In this divine upholding and human following there is no contradiction. All is of God, foras von Hegel teaches, God is always previous. In practice, however, (that is, where Gods previousworking meets mans present response) man must pursue God. On our part there must be positivereciprocation if this secret drawing of God is to eventuate in identifiable experience of the Divine. Inthe warm language of personal feeling this is stated in the Forty-second Psalm: As the hart pantethafter the water brooks, so panteth my soul after thee, O God. My soul thirsteth for God, for the livingGod: when shall I come and appear before God? This is deep calling unto deep, and the longingheart will understand it.

    The doctrine of justification by faith a Biblical truth, and a blessed relief from sterile legal-ism and unavailing self-effort has in our time fallen into evil company and been interpreted bymany in such manner as actually to bar men from the knowledge of God. The whole transaction ofreligious conversion has been made mechanical and spiritless. Faith may now be exercised without ajar to the moral life and without embarrassment to the Adamic ego. Christ may be received withoutcreating any special love for Him in the soul of the receiver. The man is saved, but he is not hungrynor thirsty after God. In fact he is specifically taught to be satisfied and encouraged to be contentwith little.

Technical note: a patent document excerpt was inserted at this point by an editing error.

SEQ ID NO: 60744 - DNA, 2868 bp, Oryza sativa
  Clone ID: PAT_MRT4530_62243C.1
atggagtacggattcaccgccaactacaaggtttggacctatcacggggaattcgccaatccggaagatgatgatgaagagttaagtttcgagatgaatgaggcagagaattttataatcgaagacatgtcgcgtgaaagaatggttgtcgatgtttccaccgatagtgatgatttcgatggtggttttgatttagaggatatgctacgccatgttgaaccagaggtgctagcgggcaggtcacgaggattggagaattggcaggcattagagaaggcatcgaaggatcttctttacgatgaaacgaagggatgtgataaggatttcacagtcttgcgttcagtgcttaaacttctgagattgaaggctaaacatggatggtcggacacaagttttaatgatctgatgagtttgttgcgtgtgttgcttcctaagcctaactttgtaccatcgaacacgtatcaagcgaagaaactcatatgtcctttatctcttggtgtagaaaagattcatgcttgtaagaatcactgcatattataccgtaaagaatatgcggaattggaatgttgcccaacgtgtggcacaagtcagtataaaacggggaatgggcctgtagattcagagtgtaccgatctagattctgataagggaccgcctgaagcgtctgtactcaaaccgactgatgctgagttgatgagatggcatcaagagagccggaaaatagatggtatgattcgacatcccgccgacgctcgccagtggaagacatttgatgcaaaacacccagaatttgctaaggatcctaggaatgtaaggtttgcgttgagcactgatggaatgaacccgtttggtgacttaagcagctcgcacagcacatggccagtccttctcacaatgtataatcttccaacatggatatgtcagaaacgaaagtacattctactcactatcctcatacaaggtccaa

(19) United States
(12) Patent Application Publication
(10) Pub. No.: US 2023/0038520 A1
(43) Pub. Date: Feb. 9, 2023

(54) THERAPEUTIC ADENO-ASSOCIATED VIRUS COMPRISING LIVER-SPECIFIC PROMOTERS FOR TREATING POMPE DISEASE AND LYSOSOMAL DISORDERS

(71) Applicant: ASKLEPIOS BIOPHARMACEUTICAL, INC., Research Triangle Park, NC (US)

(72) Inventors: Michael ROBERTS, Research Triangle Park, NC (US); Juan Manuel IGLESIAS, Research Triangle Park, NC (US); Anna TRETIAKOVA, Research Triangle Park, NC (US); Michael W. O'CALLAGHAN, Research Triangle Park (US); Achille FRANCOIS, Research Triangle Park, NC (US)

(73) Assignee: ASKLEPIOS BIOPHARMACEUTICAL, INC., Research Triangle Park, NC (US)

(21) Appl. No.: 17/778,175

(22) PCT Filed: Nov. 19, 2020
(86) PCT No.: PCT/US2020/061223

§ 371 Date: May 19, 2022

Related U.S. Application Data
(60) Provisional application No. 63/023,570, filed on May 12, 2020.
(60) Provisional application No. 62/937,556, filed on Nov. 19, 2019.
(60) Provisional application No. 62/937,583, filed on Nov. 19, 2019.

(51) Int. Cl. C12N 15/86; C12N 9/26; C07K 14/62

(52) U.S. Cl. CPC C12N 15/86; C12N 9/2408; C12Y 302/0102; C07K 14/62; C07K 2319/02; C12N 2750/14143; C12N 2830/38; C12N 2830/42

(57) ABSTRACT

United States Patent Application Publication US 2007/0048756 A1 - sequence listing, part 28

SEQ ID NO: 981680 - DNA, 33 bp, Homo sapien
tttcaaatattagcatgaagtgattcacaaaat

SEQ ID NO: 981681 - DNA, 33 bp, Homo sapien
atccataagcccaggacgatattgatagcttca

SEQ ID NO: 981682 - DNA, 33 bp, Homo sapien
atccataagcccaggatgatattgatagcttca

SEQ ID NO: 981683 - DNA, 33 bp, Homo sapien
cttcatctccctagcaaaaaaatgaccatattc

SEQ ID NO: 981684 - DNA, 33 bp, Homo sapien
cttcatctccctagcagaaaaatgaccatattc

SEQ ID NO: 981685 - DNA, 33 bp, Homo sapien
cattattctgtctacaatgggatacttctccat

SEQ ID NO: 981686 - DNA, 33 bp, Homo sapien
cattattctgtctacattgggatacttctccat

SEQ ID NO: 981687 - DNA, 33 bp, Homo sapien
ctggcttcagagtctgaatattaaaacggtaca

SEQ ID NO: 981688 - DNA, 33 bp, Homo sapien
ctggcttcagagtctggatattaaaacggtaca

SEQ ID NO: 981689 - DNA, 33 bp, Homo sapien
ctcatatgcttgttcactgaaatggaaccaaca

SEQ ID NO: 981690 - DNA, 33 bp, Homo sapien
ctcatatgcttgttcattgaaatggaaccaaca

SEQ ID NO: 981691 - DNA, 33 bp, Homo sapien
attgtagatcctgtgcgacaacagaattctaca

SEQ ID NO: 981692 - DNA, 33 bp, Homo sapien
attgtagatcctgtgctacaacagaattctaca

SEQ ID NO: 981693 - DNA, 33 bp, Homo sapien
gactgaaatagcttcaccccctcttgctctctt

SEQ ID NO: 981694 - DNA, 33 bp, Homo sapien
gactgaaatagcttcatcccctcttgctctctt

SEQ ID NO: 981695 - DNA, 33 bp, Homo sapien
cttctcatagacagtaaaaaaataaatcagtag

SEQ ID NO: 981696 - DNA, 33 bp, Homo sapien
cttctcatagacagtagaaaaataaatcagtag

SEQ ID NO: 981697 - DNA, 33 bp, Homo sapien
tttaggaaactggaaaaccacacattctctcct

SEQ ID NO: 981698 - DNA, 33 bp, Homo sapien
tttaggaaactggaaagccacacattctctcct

The modern scientist has lost God amid the wonders of His world; we Christians are in realdanger of losing God amid the wonders of His Word. We have almost forgotten that God is a Personand, as such, can be cultivated as any person can. It is inhe